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Showing 40 articles from October 6, 2021.

FRONT PAGE

Staffing, radios slowing emergency responses

LOUISBURG -- Franklin County Manager Kim Denton said the county is working to address emergency services staffing issues, as well as resource deployment.
The comments came at the end of a meeting that began with a former emergency responder questioning the county's ability to meet its emergent demands.
During the public comment portion of Monday's meeting, Scott Strickland noted that the paramedic who started the county's community paramedic program is gone.


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COVID cases decline; younger patients infected

LOUISBURG -- There's good news and there's bad news with COVID-19.
The good news is that, overall, the number of new cases is going down while the ranks of the vaccinated are growing.
The bad news is that the Delta variant continues to rage through the county's young.
"There is a slight, glimmer of hope," County Health Director Scott LaVigne told commissioners during his routine COVID-19 update at Monday night's meeting.


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<i>Ramped up,rarin' to go!</i>
Monty Riggs (kneeling) and crew begin work on a ramp
Ramped up,rarin' to go!

LOUISBURG -- If you've spent any amount of time around Wayne Stallings and his wheelchair ramp-building crew, you'll hear just as much laughter and banter as you will hammering, cutting and digging.
But, in the 300 ramps that Stallings has helped build in and around Franklin County, it's one where silence spoke loudest to him.


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Franklinton goes 'social' downtown

FRANKLINTON -- Town commissioners agreed to enact a social district that will allow for open alcohol consumption downtown.
In May, the General Assembly approved House Bill 781, which allows a government to designate areas where people can purchase and consume alcohol.
It was crafted in response to the COVID-19 pandemic, which either closed or limited ABC establishments from having people inside.


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<i>Court clerk earns perfect score</i>
Court clerk earns perfect score

LOUISBURG -- On Shelley Dickerson's first day in office, she and her staff pulled two cabinets full of pending estate files, updating them and creating a more efficient tracking process.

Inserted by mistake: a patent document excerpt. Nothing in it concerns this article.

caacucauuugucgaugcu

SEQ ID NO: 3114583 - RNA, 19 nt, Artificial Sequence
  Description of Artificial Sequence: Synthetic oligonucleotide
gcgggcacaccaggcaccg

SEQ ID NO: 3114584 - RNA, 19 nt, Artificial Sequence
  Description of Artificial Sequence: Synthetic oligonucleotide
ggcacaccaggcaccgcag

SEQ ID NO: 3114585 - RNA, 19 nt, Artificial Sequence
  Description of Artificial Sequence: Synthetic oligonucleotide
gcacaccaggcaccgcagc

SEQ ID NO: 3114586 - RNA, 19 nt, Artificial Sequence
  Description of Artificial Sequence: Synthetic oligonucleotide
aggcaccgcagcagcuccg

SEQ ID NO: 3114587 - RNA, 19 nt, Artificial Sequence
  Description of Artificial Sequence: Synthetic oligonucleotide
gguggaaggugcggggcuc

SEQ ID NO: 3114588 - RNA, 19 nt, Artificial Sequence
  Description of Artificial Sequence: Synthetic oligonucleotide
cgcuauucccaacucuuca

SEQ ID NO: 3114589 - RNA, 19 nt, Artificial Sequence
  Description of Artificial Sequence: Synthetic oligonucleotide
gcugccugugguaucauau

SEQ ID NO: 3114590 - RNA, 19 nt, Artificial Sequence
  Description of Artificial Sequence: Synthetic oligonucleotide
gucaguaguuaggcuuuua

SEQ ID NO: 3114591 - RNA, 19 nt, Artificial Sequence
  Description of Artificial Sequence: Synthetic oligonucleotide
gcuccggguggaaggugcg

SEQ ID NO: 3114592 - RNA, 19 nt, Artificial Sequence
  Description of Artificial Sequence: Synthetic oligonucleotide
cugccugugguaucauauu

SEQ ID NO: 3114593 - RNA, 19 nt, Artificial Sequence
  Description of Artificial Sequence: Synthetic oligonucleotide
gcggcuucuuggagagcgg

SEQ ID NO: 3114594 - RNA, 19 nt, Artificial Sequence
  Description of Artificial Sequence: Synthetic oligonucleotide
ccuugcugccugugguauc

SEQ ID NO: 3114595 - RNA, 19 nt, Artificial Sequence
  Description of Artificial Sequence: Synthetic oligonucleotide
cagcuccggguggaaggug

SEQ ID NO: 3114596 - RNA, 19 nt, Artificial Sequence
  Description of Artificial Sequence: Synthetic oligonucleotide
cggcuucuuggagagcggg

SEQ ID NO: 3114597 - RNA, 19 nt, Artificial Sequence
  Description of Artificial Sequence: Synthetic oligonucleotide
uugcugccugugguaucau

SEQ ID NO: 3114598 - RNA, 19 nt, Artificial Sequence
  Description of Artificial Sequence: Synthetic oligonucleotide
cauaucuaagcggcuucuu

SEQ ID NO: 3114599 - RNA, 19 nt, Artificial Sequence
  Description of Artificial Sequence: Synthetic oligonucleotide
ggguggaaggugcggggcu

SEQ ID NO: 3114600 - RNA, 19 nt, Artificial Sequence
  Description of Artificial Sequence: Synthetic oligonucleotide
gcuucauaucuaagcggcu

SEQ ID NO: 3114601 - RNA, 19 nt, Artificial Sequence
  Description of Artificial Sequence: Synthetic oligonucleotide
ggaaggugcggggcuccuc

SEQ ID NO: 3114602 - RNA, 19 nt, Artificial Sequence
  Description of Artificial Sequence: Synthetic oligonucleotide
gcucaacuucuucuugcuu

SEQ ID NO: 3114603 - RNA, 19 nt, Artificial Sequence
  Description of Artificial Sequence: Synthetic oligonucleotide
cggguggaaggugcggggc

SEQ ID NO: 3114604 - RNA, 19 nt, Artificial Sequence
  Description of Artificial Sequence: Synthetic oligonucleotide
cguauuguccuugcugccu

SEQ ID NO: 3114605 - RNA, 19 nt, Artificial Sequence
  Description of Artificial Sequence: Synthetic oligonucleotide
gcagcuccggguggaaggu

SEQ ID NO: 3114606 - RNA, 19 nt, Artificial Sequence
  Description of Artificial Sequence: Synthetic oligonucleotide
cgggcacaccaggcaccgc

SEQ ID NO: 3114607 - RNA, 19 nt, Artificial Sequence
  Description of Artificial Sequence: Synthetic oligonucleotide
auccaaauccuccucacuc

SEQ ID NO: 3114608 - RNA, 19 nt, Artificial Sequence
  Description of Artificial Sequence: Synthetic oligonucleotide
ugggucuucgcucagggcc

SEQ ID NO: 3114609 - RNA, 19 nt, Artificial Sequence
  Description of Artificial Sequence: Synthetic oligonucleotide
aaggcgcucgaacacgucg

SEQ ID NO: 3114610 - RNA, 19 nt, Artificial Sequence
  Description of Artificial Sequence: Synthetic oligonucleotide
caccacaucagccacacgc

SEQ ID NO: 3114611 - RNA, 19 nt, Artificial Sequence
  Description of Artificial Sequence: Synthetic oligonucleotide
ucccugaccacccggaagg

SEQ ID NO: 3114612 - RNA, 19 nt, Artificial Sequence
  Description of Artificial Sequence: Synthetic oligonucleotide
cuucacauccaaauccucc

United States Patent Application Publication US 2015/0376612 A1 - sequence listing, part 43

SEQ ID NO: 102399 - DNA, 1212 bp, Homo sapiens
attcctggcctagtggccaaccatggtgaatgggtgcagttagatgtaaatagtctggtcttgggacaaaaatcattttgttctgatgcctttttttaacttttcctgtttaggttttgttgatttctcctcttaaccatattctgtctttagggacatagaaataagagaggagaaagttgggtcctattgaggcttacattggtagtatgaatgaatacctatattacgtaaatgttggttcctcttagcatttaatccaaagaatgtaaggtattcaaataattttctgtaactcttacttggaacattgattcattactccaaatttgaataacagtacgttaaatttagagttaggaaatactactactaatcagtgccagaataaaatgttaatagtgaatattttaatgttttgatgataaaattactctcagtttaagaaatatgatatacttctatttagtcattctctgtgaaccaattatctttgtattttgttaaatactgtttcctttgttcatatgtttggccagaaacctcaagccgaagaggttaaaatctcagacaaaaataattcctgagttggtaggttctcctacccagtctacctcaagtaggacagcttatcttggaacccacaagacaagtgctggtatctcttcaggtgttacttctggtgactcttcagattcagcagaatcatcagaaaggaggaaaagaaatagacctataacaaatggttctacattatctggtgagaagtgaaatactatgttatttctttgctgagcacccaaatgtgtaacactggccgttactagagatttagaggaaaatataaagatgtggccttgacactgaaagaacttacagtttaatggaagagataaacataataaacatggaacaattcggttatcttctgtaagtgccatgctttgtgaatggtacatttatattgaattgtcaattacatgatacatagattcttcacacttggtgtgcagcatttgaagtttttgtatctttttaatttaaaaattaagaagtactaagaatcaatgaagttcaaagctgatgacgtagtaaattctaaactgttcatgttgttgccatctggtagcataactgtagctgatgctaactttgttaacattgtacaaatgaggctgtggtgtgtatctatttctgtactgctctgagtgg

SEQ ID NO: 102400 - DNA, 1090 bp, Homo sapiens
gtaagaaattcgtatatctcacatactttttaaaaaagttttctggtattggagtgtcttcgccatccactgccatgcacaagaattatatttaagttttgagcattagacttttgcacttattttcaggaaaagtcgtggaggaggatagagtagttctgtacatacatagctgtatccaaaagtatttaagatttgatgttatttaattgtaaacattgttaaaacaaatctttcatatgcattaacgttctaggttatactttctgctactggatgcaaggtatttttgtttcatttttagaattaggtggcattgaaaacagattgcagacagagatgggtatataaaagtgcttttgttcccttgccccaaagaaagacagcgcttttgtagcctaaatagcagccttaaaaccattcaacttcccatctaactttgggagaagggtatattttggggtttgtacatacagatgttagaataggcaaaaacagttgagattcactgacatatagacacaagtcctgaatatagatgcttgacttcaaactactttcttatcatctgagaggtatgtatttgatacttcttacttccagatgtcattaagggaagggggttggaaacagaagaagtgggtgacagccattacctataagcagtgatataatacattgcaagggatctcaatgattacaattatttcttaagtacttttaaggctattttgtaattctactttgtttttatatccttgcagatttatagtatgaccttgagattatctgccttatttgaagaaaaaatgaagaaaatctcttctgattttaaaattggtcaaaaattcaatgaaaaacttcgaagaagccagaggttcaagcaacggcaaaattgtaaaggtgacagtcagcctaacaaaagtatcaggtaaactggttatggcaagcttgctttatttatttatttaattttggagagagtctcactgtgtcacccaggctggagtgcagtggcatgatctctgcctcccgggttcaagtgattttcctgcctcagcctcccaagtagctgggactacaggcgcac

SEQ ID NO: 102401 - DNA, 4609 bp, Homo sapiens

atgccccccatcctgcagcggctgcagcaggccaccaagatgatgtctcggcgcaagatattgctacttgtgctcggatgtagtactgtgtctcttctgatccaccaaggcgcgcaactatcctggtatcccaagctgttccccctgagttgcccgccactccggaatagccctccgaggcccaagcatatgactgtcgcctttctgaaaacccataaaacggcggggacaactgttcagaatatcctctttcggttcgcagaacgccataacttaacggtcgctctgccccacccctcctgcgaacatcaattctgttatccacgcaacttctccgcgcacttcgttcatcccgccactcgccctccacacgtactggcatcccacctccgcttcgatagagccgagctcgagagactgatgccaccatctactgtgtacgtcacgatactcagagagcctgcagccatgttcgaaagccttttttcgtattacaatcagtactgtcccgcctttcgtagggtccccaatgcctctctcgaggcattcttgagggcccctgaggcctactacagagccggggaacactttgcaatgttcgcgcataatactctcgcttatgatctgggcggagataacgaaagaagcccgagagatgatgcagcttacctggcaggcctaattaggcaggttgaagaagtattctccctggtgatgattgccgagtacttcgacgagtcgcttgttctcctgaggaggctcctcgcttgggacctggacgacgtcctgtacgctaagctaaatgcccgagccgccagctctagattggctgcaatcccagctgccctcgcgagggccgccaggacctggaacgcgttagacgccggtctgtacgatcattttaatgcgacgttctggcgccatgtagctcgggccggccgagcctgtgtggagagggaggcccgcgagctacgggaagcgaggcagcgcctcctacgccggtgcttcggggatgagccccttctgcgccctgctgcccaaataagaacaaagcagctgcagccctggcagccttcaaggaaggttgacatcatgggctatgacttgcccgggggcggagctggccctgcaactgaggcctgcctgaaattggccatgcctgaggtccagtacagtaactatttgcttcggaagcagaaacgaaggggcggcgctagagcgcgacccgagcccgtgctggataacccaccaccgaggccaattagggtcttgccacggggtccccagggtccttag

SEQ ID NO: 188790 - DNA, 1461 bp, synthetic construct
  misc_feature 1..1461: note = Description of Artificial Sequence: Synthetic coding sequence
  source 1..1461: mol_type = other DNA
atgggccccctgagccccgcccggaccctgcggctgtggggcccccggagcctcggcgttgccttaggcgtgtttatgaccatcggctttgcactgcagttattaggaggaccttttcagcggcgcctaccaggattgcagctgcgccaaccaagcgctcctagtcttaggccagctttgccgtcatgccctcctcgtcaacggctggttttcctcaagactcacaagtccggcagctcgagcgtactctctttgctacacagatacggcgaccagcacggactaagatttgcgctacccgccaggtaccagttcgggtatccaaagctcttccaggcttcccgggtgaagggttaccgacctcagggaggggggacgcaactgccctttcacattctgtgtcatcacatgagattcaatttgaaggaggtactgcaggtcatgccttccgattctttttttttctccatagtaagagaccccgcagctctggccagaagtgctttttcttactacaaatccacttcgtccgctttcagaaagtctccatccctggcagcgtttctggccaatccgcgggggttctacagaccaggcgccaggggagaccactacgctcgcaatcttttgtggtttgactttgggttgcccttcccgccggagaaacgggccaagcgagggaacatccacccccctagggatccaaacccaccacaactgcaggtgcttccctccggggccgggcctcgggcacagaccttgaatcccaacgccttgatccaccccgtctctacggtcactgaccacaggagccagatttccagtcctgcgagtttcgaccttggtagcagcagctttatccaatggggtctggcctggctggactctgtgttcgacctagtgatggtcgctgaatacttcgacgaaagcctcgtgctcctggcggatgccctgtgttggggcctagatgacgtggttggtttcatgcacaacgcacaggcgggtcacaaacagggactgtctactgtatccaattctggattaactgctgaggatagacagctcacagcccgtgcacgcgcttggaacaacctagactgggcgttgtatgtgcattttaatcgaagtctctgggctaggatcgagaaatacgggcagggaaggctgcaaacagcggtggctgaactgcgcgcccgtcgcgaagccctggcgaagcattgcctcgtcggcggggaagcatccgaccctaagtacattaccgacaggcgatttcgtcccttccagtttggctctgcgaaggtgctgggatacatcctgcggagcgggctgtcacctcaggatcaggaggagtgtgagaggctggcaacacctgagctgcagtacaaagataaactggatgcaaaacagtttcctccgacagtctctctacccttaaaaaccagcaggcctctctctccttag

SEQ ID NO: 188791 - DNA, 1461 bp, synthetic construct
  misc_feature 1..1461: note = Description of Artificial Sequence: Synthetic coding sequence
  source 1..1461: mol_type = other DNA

The result was a "perfect" bill of health from an internal audit performed by the State's Administrative Office of the Courts.


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HAPPILY MAD
HAPPILY MAD

David Crane shows off his Ford Falcon, a replica of the Interceptor featured in the Mad Max movie. Cathy Smith got an up-close and personal look at the modified vehicle.


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FRANKLIN FACE
FRANKLIN FACE

The Rev. Melton Tyson and Teenie Wilder


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OPINIONS/EDITORIALS

Editorial Cartoon: MASH
Editorial Cartoon: MASH

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Some difficult questions have simple answers
Some difficult questions have simple answers

A dilemma that concerned authors of two letters to the editors last week is rather easy to answer.
The authors, one with a seemingly Democratic bent and the other leaning toward the Republicans, were concerned about the national debt and were looking for answers in the political realm.
This is a fairly easy question to answer.


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Editorial Cartoon: Covid Rules
Editorial Cartoon: Covid Rules

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From moonshine to breweries, Franklin County bellies up to bar
From moonshine to breweries, Franklin County bellies up to bar

Certainly, this might be a bit of hyperbole, but, back in the really olden days, the only places in Franklin County to get alcohol, liquor in particular, was from a bootlegger or, what I've had described to me as a shot house.
[Refer to Gary Cunard's fine story in the Sept. 23 edition of The Franklin Times for more reference].


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Editorial Cartoon: Taliban
Editorial Cartoon: Taliban

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Letters to editor are always welcome; here are the guidelines

Letters to the editor of The Franklin Times are always welcome -- and are an important part of the service to the community that this newspaper routinely provides.
But there are a few rules that authors need to be aware of so that their messages are presented fully and in a timely manner.
Here are the simple guidelines:


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OBITUARIES

ANNIE HARTSFIELD RICHARDSON

FRANKLINTON, NC -- Funeral services for Annie Hartsfield Richardson, age 93, who died on Monday, October 4, 2021, will be held on Saturday, October 9, 2021 at 1:00 p.m. from the Emanuel Church of God in Louisburg with Pastor L. J. Allison officiating. Burial will follow in the M. H. Jones Cemetery.


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GARLAND E. MUSTIAN